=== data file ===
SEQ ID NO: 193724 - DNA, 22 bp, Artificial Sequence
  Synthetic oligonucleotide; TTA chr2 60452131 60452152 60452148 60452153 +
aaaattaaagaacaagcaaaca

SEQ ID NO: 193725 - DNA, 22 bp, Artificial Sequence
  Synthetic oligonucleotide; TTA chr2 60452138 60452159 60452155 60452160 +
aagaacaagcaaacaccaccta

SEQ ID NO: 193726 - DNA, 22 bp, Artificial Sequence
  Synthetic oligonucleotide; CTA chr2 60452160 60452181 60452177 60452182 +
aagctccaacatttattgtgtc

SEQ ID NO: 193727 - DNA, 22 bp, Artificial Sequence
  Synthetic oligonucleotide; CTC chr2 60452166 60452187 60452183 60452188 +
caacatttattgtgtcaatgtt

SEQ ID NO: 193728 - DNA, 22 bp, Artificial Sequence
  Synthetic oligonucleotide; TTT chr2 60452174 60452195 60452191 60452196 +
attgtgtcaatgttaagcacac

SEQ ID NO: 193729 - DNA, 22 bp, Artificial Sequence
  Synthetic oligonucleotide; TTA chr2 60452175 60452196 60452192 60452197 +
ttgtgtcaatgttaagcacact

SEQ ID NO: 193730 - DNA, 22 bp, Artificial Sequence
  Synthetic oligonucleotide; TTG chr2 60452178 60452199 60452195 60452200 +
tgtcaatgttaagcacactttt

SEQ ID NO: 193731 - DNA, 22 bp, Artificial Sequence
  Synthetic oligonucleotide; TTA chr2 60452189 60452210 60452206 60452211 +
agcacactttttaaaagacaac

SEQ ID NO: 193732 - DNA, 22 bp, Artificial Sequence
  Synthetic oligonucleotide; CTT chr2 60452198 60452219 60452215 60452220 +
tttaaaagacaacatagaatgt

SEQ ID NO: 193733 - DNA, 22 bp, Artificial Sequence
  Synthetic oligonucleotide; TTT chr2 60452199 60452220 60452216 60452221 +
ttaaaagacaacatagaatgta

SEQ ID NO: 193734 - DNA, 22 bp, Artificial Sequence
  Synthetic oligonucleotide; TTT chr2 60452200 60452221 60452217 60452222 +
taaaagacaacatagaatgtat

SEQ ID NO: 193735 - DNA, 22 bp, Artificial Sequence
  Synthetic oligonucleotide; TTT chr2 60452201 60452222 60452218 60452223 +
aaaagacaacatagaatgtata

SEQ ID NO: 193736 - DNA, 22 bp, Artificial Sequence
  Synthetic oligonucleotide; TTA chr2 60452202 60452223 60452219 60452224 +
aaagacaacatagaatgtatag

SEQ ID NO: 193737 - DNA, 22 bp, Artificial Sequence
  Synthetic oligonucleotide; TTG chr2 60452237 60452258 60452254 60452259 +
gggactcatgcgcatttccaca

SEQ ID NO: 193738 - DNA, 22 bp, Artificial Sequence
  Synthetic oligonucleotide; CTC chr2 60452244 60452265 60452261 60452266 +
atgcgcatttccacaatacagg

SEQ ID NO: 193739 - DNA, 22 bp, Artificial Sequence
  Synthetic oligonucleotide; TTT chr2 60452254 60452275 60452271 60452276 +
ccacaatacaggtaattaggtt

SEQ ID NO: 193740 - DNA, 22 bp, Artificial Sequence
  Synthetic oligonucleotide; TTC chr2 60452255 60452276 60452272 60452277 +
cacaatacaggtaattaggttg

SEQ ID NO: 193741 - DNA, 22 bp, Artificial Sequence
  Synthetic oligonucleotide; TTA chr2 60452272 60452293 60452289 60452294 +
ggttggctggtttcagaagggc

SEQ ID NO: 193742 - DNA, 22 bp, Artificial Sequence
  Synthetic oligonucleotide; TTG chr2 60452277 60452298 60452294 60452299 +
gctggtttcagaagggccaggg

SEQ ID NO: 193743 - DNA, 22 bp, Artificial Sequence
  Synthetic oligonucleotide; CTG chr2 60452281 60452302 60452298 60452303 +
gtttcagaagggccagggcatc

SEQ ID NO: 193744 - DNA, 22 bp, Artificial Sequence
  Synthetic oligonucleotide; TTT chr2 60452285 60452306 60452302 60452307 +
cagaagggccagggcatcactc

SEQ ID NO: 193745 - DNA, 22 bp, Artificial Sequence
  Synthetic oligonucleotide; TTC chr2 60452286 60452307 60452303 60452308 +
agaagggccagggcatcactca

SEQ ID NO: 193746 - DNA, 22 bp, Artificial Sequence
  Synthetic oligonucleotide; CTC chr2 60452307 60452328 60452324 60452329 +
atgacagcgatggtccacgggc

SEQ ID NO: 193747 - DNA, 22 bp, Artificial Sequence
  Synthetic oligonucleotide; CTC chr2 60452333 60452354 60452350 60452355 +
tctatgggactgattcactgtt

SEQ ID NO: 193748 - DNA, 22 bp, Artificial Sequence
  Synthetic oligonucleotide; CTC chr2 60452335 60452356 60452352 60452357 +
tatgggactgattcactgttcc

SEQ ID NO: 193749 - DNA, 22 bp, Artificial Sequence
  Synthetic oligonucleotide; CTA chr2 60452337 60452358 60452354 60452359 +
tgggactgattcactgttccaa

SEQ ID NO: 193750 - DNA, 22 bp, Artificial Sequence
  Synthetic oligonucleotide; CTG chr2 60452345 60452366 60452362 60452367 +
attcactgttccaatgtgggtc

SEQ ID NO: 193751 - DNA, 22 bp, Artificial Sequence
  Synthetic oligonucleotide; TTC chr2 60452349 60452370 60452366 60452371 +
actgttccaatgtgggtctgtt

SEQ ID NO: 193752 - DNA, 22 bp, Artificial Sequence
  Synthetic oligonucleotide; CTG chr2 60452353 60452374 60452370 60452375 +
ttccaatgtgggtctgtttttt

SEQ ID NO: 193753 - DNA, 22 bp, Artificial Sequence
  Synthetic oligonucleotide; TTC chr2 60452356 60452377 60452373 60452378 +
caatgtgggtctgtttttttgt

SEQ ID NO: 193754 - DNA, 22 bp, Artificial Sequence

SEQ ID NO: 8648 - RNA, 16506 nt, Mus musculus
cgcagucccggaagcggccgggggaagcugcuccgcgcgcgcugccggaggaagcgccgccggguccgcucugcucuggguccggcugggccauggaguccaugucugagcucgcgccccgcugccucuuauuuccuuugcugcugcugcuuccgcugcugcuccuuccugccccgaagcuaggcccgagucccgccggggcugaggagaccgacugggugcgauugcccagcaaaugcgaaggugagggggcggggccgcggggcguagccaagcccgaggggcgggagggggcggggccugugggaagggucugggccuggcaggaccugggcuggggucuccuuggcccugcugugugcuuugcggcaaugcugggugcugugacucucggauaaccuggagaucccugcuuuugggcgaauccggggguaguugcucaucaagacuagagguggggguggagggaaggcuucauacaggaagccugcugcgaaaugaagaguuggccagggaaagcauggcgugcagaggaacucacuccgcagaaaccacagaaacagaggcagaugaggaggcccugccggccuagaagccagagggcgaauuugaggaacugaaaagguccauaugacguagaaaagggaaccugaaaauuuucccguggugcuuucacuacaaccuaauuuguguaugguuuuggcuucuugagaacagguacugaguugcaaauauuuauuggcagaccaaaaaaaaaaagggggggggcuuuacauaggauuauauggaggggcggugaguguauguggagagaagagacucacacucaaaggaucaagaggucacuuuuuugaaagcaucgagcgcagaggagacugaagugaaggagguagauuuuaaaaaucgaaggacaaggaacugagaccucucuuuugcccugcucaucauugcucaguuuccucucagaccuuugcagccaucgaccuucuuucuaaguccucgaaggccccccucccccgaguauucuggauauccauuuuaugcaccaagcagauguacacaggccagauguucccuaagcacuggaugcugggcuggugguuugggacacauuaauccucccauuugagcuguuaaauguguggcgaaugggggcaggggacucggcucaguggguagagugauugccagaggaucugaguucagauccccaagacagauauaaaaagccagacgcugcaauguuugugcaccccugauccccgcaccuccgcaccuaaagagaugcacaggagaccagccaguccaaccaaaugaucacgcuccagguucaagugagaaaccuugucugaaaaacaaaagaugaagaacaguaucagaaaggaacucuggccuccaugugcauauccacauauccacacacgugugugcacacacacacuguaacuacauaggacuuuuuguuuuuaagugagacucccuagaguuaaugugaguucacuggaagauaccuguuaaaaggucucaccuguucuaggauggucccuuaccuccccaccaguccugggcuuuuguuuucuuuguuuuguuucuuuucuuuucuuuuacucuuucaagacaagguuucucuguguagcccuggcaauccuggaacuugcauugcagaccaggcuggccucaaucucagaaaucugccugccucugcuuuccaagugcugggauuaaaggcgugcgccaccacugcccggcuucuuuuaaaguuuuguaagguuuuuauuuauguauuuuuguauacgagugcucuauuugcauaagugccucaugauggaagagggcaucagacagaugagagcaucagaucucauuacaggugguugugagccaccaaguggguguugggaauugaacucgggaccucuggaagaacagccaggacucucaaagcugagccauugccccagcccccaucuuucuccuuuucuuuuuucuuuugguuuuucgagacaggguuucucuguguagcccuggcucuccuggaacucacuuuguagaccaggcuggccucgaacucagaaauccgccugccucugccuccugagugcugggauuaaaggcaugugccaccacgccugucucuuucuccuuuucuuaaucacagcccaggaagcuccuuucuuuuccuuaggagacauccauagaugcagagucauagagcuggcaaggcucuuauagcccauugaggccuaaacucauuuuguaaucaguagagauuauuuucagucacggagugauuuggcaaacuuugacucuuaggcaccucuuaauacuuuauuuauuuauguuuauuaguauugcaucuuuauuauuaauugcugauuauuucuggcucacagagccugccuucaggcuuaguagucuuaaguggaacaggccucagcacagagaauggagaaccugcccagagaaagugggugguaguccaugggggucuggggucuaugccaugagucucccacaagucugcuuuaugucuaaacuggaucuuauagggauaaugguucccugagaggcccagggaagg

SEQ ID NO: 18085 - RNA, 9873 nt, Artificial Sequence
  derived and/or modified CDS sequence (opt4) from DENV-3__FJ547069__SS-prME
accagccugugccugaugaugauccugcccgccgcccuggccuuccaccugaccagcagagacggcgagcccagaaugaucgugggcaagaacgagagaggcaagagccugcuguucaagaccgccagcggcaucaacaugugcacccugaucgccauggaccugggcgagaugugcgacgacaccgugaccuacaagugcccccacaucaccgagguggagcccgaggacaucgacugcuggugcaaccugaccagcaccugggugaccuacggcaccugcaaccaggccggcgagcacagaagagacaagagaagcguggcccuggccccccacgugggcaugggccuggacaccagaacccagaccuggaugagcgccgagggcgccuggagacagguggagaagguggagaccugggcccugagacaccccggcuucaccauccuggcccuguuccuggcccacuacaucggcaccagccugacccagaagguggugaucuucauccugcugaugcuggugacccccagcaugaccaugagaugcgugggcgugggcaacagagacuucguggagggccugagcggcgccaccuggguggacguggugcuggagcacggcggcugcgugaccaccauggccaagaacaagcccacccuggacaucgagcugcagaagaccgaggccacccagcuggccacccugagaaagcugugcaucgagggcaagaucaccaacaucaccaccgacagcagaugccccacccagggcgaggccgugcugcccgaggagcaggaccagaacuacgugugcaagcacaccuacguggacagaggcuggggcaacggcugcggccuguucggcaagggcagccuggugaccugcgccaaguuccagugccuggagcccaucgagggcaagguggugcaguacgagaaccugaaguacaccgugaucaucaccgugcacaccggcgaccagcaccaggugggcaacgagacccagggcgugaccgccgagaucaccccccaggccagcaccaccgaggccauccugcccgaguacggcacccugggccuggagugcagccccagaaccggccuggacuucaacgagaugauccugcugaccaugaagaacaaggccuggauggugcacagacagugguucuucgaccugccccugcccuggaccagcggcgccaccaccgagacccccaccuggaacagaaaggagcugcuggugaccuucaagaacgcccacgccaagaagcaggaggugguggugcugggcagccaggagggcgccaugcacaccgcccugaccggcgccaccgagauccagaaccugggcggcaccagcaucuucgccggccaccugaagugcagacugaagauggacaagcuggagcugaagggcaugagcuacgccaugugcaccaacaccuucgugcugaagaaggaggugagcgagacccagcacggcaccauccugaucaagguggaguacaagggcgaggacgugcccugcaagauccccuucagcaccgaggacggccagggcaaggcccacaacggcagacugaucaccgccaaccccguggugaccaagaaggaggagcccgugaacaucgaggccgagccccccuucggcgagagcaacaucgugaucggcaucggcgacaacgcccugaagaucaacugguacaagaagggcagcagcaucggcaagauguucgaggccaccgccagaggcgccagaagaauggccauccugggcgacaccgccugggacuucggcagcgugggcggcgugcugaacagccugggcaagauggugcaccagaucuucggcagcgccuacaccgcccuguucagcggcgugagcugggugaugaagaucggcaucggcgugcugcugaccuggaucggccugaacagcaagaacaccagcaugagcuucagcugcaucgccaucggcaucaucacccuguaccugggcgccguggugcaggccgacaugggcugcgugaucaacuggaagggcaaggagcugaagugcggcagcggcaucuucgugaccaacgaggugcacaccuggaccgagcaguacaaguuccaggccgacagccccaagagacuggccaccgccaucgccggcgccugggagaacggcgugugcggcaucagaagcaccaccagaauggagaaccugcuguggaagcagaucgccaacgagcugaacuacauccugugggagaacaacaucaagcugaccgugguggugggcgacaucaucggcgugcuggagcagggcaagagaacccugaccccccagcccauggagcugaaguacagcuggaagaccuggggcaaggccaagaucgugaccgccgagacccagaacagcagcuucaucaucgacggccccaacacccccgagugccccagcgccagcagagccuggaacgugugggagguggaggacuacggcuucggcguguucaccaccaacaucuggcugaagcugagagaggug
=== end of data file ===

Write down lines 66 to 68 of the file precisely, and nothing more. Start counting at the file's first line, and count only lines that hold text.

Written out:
agaagggccagggcatcactca

SEQ ID NO: 193746 - DNA, 22 bp, Artificial Sequence
  Synthetic oligonucleotide; CTC chr2 60452307 60452328 60452324 60452329 +